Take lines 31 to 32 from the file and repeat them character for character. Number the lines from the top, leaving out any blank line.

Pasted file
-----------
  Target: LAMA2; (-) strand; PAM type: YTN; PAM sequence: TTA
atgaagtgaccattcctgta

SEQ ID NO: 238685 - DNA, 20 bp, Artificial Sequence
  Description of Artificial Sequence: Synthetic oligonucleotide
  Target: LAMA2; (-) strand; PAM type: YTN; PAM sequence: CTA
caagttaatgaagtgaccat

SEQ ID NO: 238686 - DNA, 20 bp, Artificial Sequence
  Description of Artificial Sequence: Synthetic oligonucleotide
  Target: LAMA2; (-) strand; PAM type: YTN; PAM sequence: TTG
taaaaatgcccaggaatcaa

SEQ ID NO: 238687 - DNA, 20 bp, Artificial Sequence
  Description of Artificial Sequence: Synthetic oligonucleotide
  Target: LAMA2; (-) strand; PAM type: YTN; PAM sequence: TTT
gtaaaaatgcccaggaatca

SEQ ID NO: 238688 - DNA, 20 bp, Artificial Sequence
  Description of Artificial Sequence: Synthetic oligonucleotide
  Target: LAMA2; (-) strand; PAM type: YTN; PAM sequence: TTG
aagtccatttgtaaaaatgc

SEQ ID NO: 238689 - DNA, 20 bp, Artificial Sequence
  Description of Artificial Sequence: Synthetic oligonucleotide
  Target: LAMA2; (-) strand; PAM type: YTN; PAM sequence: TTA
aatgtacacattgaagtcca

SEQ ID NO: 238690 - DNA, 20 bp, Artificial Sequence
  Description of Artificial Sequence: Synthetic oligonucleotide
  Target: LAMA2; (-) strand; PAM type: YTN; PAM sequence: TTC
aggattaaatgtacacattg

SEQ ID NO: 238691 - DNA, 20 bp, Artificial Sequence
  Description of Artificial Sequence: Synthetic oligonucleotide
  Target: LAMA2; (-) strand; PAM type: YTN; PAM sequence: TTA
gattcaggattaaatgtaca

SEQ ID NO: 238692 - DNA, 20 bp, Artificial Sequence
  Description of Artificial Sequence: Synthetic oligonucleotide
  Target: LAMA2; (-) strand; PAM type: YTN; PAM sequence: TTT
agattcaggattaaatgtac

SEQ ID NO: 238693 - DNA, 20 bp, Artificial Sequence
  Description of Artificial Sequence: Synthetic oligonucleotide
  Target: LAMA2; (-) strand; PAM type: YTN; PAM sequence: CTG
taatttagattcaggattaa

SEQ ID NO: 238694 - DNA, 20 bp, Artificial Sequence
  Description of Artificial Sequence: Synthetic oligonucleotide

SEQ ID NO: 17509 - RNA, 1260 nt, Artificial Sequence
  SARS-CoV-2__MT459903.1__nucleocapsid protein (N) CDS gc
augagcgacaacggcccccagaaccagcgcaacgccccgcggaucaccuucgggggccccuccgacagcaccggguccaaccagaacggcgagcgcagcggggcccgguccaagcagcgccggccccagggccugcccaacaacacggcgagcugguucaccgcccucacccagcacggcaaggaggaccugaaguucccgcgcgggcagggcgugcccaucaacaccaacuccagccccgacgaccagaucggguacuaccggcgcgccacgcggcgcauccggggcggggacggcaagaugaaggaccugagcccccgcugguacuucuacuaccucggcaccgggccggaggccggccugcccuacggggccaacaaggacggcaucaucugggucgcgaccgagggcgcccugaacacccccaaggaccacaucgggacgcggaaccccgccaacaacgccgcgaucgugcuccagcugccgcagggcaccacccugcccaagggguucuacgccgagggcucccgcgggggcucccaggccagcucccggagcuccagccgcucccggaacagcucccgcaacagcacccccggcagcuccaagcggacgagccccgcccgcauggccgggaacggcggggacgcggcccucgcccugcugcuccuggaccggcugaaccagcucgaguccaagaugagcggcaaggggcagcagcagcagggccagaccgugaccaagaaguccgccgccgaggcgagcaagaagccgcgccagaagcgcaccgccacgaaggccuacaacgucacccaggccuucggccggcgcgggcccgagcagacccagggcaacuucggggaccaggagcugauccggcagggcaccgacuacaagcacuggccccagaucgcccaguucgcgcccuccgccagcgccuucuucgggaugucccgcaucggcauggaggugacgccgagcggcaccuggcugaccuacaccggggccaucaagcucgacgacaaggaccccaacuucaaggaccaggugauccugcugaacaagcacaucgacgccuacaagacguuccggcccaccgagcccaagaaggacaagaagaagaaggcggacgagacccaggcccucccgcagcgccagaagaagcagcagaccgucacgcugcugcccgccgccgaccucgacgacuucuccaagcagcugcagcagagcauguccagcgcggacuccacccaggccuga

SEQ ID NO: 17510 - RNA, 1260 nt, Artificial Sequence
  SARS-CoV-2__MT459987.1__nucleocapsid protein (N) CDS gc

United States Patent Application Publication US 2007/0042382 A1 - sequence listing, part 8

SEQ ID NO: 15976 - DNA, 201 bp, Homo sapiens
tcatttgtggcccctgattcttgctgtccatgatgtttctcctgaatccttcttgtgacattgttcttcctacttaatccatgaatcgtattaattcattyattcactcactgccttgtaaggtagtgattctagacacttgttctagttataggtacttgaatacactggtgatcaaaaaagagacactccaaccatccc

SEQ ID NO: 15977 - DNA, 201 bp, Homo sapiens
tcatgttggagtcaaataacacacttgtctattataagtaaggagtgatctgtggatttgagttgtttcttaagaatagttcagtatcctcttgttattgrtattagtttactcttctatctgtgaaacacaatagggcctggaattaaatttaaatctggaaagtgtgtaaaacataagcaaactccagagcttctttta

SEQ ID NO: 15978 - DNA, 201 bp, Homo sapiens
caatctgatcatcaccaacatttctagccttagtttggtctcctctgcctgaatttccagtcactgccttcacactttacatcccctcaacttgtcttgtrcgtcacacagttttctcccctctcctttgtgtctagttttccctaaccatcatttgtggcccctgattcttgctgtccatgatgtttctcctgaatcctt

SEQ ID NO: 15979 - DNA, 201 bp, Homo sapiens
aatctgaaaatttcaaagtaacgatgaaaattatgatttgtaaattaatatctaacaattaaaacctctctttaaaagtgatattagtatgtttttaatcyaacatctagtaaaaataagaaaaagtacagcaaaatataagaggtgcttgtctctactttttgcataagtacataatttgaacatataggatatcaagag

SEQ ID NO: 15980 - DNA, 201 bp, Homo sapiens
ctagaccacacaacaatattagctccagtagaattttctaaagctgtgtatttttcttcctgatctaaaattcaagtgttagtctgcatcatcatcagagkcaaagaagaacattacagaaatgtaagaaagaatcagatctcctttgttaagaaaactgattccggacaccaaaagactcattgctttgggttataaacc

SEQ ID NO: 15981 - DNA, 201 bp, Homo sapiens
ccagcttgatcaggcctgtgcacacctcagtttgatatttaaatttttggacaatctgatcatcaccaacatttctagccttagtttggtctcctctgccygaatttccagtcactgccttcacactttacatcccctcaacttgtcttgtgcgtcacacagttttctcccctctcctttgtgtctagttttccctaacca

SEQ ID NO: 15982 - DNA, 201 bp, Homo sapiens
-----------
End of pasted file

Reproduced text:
SEQ ID NO: 238692 - DNA, 20 bp, Artificial Sequence
  Description of Artificial Sequence: Synthetic oligonucleotide